Both methods have nearly equal performance, but the Risk Control 20/20 index has better risk statistics with lower volatility, higher sharpe ratio and a much lower maximum drawdown. It is hard to see the difference between the two equity curves, but the rolling drawdown analysis is far more revealing:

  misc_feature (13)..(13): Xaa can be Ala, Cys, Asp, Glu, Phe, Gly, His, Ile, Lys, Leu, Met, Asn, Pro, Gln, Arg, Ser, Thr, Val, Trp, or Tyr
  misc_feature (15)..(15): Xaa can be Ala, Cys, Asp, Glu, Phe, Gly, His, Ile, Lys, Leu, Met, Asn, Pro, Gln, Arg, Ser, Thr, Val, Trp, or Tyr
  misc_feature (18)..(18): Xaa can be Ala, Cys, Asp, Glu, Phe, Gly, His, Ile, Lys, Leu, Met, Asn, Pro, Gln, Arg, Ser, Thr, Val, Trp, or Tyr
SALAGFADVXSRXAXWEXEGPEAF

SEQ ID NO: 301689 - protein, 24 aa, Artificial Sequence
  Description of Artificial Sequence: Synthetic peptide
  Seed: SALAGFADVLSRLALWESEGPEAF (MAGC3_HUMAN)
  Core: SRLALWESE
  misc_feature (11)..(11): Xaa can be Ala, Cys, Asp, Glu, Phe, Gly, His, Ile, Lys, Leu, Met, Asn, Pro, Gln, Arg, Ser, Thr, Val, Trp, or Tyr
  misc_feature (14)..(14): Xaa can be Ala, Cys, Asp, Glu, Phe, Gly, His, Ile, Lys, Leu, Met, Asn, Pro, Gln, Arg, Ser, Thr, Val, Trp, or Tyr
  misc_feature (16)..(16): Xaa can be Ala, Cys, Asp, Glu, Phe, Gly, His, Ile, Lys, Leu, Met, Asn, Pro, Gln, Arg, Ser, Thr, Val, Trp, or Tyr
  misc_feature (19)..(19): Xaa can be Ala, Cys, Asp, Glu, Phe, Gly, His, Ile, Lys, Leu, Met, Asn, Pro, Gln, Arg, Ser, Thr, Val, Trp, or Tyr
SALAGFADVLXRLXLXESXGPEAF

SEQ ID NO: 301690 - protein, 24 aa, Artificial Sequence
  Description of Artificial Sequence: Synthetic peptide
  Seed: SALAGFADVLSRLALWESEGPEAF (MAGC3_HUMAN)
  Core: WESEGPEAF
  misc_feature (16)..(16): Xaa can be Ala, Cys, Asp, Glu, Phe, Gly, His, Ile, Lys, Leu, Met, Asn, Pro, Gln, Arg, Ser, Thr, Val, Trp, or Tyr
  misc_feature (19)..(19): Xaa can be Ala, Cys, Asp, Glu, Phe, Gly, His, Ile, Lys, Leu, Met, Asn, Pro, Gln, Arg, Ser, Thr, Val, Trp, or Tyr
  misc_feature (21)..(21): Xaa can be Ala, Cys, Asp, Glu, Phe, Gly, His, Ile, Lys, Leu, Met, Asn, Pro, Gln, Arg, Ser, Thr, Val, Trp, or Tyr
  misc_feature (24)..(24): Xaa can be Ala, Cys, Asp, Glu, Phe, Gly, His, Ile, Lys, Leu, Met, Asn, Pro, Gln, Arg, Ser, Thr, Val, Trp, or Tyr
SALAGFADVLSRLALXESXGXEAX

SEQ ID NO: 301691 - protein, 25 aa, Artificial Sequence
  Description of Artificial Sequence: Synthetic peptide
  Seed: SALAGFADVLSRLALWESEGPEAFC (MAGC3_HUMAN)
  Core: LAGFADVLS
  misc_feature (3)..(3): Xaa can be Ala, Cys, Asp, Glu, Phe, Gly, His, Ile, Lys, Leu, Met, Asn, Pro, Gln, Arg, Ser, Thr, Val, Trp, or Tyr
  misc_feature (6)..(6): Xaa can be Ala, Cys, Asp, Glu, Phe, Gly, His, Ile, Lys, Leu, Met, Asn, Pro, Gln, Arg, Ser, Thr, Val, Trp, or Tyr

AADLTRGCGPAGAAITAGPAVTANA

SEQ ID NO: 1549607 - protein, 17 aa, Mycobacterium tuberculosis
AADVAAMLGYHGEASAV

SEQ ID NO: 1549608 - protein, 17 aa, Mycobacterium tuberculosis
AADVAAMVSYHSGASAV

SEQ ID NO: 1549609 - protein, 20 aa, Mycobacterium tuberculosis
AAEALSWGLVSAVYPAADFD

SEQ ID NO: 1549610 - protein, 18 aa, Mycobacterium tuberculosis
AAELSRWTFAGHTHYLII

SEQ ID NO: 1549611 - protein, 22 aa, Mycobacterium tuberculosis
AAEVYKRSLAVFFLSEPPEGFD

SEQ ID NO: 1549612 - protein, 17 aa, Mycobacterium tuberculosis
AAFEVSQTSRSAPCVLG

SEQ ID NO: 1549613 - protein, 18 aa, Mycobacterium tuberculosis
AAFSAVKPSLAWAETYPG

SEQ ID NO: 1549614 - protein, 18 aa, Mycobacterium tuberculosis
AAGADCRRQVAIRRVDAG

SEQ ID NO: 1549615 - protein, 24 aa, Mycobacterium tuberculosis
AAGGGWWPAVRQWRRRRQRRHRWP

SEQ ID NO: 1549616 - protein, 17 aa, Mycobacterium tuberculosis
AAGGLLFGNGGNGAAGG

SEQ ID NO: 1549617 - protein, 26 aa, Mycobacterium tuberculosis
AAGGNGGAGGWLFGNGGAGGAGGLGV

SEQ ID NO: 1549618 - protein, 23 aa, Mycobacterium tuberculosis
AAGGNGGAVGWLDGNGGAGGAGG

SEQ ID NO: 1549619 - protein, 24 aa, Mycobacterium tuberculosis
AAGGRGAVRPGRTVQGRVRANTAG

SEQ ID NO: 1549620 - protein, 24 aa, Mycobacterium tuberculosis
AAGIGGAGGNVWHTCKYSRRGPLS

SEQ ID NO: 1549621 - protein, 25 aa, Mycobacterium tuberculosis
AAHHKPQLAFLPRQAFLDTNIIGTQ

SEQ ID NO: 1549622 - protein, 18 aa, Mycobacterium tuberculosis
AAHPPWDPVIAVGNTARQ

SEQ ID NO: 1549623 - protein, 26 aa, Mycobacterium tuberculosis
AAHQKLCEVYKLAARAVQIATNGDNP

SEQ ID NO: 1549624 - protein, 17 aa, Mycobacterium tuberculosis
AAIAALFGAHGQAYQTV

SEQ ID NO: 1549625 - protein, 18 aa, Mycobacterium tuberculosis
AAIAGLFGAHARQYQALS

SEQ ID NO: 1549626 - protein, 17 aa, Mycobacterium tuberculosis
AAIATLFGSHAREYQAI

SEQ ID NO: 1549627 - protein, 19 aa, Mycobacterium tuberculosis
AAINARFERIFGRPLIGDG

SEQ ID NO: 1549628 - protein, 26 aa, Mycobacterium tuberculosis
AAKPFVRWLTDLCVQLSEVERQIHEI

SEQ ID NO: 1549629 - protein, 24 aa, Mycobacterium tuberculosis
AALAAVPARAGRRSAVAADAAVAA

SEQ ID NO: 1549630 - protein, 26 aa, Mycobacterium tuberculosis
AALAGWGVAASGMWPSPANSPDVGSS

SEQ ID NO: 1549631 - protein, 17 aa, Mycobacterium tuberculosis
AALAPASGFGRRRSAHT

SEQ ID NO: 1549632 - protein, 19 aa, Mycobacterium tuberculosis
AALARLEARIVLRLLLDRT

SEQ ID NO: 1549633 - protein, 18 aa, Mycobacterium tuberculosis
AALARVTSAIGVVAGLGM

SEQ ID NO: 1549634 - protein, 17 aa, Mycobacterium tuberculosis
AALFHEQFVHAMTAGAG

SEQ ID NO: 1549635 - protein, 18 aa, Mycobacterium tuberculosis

In this chart you can clearly see that the Risk Control 20/20 Index does a much better job of controlling large drawdowns. In fact, the largest drawdown for absolute momentum occurred in 1987, when momentum was high and the signal failed to change in time for the crash. In contrast, the risk control index gradually shifted to a lower level of equity exposure. There are several other large drawdowns in the last thirty years where the risk control index with drawdown protection was superior owing to its ability to continuously size positions. Of course nothing can prevent against jump risk or large one day declines, but for most cases in theory the risk control index with drawdown protection should provide more explicit protection for investors. In the next post we will look at various methods to improve upon this original method along with some heuristics to make it more practical for real trading.